Henning: Tigers GM Avila feeling bullish about 2016
Lakeland, Fla. — He drove into Tigertown on Monday, four or so hours after Al Avila had left the family’s dual residence in Miami. Al and wife Yamile had been babysitting son Alex’s two daughters ahead of Alex and Kristina and the girls departing for Arizona and for spring training with Alex’s new team, the White Sox.
Wednesday morning Al Avila sat in the glass-enclosed conference room at Tigers headquarters in Lakeland. It’s a dreamy setting, two floors above Marchant Stadium’s emerald-green outfield.
Next door is the Tigers general manager’s office. Avila is getting accustomed to new habits and to a new workplace.
“I keep finding myself walking into David Chadd’s office,” he said, speaking of his Tigers assistant GM. “I’m still trying to figure out where my office is.
“It is different,” he said with a nod. “It feels good.”
Avila sat across a table wearing a lilac-colored, short-sleeve polo shirt. He was as Avila seems always to be: relaxed, conversational, buoyed by baseball’s intricacies.
He understands the Tigers in 2016 are expected within their cosmos to win. He accepts that there’s a contradictory view, shared by many national assessors, which sees the Tigers headed for another last-place finish.
Hale and hearty
Avila believes the Tigers will be good for the simple reason they were so unnaturally socked with disabilities in 2015. Miguel Cabrera. Victor Martinez. Anibal Sanchez. Any team will lose a key player during the course of a season. The Tigers were slammed hard, and for long periods.
Then came July trades that became the final acts as Tigers GM by Avila’s boss and predecessor, Dave Dombrowski. Those deals, a concession speech to 2015, cost the Tigers three more prime-time players: David Price, Yoenis Cespedes, and Joakim Soria. They finished 74-87.
The new GM is obliged in 2016 to add probably 16 victories, minimum, to last year’s record if owner Mike Ilitch’s team is to get a serious crack at the 2016 playoffs.
A case could be made that Avila made as many improvements, within reasonable bounds, as an Ilitch-owned team could have expected during four months of offseason power-shopping.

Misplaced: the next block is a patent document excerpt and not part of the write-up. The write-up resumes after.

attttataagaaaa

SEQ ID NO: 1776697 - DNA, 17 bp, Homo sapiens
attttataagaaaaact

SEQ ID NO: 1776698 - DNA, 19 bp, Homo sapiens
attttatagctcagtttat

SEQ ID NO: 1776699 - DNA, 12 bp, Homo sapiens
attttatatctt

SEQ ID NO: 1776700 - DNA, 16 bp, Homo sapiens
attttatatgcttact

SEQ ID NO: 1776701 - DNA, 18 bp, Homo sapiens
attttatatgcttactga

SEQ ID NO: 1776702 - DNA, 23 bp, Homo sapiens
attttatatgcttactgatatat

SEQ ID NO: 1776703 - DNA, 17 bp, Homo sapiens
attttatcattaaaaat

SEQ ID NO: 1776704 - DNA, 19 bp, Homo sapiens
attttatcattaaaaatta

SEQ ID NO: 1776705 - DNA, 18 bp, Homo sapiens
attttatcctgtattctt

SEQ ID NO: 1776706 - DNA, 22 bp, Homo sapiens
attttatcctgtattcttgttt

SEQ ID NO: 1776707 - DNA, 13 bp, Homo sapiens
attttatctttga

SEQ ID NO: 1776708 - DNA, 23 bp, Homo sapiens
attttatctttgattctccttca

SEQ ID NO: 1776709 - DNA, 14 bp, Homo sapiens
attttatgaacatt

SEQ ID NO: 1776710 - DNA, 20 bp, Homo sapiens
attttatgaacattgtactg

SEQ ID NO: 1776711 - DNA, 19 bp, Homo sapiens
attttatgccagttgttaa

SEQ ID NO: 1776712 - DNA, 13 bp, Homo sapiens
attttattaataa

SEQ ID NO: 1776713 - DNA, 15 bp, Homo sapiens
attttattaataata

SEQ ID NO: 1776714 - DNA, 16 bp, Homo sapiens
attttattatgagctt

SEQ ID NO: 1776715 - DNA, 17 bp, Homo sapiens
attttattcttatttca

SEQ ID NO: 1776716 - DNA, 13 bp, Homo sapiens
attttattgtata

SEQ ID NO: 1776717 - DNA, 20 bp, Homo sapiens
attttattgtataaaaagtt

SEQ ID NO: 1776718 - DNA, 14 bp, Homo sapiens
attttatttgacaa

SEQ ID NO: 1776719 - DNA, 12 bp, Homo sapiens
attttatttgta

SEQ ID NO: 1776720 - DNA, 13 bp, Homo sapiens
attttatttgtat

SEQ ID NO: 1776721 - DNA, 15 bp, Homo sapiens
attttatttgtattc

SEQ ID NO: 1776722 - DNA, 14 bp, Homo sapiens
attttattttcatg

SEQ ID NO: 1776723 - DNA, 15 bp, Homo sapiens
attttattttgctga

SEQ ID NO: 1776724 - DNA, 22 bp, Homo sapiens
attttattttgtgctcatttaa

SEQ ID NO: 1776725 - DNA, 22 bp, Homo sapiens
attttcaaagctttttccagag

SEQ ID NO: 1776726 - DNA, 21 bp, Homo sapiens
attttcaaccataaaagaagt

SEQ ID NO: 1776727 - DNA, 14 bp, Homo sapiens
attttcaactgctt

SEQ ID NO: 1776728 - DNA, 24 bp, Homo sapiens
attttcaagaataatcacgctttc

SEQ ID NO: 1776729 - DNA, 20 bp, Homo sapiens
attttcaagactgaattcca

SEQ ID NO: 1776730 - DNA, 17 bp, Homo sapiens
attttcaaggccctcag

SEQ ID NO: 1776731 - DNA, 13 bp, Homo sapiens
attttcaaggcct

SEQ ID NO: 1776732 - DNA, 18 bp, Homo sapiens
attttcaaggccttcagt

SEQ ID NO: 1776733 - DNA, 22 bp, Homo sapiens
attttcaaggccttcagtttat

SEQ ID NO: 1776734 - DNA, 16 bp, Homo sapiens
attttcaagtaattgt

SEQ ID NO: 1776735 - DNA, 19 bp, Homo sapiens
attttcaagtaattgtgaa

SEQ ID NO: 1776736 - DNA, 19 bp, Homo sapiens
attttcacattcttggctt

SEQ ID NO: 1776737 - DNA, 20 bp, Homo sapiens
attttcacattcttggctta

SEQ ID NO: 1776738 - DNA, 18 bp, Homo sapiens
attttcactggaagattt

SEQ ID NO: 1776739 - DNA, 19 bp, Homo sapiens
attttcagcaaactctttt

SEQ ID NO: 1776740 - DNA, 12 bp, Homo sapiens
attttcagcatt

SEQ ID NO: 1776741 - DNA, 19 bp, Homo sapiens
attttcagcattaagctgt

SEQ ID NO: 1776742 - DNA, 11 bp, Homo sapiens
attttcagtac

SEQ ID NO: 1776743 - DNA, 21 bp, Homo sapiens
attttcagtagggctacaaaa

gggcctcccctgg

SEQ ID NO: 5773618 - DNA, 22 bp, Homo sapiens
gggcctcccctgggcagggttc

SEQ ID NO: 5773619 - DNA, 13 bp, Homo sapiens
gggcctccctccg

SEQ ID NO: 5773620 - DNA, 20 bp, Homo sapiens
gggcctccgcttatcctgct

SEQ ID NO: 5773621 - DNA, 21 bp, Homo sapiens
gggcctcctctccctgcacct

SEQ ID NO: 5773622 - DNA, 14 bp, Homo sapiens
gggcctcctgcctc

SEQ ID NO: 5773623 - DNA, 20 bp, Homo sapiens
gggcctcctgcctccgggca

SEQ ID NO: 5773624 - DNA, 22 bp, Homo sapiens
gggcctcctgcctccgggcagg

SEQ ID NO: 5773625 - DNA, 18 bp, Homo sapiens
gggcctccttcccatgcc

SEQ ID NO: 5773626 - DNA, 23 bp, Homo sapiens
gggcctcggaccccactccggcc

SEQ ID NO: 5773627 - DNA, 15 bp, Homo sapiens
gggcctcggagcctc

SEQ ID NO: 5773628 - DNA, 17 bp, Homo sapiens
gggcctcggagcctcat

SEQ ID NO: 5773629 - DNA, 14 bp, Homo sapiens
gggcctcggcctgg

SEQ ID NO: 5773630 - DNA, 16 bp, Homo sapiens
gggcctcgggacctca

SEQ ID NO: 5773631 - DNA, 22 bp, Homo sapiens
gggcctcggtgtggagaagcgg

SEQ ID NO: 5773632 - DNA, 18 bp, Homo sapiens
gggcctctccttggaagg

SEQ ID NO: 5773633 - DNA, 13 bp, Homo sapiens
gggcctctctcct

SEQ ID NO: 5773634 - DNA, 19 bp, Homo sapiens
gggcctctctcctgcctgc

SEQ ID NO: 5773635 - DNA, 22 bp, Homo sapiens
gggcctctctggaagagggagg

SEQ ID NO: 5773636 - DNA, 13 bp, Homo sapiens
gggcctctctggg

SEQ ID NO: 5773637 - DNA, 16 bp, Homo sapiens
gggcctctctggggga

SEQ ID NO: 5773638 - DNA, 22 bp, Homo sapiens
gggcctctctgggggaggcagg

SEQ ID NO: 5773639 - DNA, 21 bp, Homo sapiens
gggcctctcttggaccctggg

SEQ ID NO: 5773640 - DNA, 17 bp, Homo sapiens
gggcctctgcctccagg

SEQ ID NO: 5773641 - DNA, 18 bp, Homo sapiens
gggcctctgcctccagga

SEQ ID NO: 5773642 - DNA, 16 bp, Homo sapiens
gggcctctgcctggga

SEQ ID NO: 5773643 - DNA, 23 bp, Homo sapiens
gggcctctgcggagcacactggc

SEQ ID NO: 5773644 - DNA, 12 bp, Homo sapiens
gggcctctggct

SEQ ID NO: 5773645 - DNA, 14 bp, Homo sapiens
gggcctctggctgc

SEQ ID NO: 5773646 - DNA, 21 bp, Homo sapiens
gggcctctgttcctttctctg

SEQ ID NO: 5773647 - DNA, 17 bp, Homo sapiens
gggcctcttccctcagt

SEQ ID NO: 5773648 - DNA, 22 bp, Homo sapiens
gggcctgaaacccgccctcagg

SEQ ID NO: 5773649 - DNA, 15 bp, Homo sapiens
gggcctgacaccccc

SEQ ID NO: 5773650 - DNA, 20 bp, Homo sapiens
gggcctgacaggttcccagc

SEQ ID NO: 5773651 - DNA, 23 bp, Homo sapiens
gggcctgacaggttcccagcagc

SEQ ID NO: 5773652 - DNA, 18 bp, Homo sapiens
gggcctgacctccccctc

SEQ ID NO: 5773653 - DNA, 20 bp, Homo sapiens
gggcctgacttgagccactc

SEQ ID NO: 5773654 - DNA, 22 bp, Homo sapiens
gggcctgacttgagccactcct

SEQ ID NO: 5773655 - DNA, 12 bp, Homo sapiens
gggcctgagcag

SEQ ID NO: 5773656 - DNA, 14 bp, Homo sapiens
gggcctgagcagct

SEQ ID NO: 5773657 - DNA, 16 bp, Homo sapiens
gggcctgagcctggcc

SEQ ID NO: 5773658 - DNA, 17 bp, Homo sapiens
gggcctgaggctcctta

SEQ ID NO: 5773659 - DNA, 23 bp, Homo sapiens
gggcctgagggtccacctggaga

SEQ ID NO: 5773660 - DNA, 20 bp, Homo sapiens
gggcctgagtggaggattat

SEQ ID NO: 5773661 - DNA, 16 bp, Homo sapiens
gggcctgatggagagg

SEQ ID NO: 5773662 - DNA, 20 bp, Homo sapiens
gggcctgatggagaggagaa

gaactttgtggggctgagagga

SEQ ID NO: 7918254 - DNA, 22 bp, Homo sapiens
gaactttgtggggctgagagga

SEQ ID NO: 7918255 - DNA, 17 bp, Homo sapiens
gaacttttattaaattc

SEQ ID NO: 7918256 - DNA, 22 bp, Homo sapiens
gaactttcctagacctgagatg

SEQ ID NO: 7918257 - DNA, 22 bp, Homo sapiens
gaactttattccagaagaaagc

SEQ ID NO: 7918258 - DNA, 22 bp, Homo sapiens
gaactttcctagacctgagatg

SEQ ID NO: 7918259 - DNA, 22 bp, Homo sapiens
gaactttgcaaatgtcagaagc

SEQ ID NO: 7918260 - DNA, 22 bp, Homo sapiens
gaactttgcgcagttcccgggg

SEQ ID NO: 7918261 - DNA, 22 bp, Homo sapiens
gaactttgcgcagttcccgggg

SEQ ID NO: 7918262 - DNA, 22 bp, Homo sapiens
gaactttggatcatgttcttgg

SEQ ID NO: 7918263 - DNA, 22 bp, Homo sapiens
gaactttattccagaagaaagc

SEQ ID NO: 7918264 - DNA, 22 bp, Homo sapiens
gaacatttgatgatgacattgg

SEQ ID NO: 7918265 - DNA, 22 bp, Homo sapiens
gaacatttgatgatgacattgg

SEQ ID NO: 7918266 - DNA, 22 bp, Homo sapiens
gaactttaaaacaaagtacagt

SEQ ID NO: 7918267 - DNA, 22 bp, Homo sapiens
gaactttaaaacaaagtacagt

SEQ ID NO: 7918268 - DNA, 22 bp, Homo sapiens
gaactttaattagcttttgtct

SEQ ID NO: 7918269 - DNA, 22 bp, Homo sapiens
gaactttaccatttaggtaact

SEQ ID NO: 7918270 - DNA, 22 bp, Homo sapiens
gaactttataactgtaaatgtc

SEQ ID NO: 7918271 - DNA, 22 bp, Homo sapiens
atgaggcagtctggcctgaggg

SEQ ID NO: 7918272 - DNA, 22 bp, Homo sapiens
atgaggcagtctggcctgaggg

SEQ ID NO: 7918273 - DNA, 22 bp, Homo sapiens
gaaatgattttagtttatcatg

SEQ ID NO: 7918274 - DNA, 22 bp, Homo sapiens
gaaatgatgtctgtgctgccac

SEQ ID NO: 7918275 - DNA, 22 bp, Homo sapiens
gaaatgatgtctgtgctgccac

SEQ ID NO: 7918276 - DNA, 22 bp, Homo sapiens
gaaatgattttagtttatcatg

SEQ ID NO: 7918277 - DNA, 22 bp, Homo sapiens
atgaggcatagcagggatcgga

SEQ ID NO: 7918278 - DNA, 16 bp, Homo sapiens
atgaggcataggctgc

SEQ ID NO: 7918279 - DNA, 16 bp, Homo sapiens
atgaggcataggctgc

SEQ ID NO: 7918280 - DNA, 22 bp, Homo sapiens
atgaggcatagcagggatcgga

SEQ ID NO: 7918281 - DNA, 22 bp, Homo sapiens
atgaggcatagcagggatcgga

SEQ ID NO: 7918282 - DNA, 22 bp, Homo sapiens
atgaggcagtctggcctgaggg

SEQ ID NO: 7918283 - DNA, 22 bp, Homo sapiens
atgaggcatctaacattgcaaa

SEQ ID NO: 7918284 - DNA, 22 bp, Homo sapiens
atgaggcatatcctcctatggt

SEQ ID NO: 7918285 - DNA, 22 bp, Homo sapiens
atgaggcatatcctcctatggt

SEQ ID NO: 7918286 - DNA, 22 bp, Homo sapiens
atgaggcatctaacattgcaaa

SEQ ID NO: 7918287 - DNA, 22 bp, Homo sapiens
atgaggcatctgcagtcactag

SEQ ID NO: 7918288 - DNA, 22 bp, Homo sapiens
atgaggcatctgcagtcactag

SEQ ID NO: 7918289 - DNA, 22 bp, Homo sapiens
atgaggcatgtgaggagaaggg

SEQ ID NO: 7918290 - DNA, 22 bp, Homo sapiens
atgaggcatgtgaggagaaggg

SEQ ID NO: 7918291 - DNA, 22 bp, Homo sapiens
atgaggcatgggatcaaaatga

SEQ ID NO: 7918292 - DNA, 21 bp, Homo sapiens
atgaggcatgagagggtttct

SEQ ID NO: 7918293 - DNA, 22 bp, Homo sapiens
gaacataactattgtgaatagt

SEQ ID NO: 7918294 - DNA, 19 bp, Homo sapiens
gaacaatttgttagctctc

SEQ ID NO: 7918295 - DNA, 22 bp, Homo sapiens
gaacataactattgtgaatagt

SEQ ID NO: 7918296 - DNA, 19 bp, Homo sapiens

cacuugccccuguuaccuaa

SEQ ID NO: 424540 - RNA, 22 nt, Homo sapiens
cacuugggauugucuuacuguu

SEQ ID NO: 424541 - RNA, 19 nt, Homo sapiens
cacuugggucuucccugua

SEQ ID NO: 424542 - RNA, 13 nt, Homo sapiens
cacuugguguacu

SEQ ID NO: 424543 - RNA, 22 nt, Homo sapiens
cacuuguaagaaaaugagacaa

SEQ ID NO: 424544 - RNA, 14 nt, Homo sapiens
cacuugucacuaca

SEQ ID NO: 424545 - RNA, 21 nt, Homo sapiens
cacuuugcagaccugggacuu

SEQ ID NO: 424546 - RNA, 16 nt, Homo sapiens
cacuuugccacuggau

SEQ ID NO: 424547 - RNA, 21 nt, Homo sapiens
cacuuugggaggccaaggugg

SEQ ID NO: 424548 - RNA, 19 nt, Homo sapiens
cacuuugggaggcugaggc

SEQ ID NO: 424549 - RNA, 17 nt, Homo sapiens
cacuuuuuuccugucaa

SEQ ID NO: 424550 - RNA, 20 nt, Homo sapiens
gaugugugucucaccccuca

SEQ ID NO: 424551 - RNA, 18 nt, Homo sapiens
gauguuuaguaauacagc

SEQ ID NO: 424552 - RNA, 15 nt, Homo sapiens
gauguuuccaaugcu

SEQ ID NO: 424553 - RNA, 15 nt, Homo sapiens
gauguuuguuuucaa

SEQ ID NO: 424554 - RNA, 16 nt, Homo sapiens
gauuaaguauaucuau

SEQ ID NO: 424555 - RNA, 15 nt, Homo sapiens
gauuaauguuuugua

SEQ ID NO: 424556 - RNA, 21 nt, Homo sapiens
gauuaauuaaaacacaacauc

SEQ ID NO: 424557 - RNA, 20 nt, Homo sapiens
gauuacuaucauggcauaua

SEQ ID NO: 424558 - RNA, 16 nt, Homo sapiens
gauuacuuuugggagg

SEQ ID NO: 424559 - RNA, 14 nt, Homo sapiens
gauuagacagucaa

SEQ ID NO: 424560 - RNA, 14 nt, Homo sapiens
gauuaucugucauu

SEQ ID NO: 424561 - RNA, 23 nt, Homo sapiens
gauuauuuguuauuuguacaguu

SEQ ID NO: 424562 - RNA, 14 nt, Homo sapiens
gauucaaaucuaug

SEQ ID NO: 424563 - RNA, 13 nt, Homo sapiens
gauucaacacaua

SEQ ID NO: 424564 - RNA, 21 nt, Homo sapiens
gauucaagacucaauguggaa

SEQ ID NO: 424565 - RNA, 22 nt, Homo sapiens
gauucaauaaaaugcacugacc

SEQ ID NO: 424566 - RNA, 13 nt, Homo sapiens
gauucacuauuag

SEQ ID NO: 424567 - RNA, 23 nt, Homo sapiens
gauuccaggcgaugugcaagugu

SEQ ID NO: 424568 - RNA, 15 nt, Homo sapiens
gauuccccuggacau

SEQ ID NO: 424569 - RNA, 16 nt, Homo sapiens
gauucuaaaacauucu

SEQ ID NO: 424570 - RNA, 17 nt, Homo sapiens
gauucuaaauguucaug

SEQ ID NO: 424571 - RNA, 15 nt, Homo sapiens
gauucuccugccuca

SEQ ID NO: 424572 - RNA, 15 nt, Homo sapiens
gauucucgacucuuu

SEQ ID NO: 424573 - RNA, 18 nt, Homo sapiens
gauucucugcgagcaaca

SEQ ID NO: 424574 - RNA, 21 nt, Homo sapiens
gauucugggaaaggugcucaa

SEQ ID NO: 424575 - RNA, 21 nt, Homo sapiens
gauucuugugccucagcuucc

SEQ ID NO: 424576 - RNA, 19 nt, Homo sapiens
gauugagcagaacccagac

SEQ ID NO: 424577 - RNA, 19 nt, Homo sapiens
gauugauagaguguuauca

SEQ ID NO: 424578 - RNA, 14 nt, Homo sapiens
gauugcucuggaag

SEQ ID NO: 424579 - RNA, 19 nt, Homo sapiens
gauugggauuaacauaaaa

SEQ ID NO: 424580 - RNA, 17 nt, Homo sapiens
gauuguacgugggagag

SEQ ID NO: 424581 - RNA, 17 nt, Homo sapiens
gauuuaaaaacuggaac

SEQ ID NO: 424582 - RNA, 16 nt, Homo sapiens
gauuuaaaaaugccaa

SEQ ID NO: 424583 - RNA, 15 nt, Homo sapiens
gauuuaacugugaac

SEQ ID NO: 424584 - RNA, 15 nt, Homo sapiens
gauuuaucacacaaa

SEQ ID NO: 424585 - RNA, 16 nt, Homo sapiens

The biggest move was all Ilitch: a decision to sign left-fielder Justin Upton to a fat contract. Other pieces, authorized by an owner who will be paying luxury tax on a $200-million-plus payroll in 2016, were acquired in order of priority, beginning with Jordan Zimmermann, and leading later to Mike Pelfrey, as two new starting pitchers. Bullpen pieces, equally an imperative, also were collected: Francisco Rodriguez, Mark Lowe, Justin Wilson.
And then, bench additions: Jarrod Saltalamacchia and Mike Aviles.
Avila, by about any objective measure, did remarkable work within a budget that, ahead of Upton, had its limits. Moreover, he had few tradeable pieces to offer in any barter with other clubs. The Tigers could not afford to hand over essential young parts a team had gotten in Dombrowski’s skillful work ahead of last July’s trade deadline.
Now it is February and a roster partially assembled by Avila and fully his responsibility is gathering at Tigertown. Pitchers and catchers report Thursday. The full team begins workouts Tuesday.
“I’m happy that most of the players already are in camp,” Avila said. “More than 40. That’s good.”
Depth is key
Whether they and their cohorts can win is everyone’s question. But a new GM believes, with reason, that a healthier crew buttressed by more pitching depth than typically has been showing up in Lakeland in recent years, and by Upton’s bat, could be the formula for winning a division. Not easy, not for a moment, when clubs that finished ahead of the Tigers in 2015 also believe they’ll be better.
It’s in the hands of players and a manager, Brad Ausmus, who are hoping to build something to match all that new construction that is spring camp’s major conversation piece in 2016.
Avila talked more about Tigertown’s changes than he talked about his team during Wednesday’s chat. About, for example, the way in which Tigers players will still pass along a walkway, lined with fans, even with all the disruption to the usual fan venues.
He mentioned early fears that the Tigers, in temporarily losing batting cages and a weight room to the new blueprint, might be getting short shrift during spring workouts. Nothing of the kind has occurred. The fill-in facilities are even better than the old — and this is before new digs are built this year.
He talked about construction staffs and their deference to Grapefruit League fans. None of the sawing, and drilling, and clank-clank of steel and cranes will occur during home games at Marchant Stadium. The crews will knock off and allow baseball to be played, undisturbed.
Concrete will be poured and heavy work that might inconvenience or distract will be done during the night.
Another plus: the Tigers have a new synthetic-turf field as one-quarter of the quadrant of fields they and minor leaguers use for workouts. The turf allows them to have one facility on days that it rains in Lakeland, which will be particularly useful for the Single A Lakeland Tigers who must contend with Florida’s summer showers.
“What I like is, during all of this, the fan experience will be no different from last year,” said Avila, whose team knows the fans’ pilgrimages to Lakeland are a sacred start to any baseball season.
One experience, of course, Avila hopes will be different in 2016. He wants his baseball team to win more games.
That would be agreeable with Tigers Nation, of course, as it would be for an owner hoping his World Series dream might yet be within reach.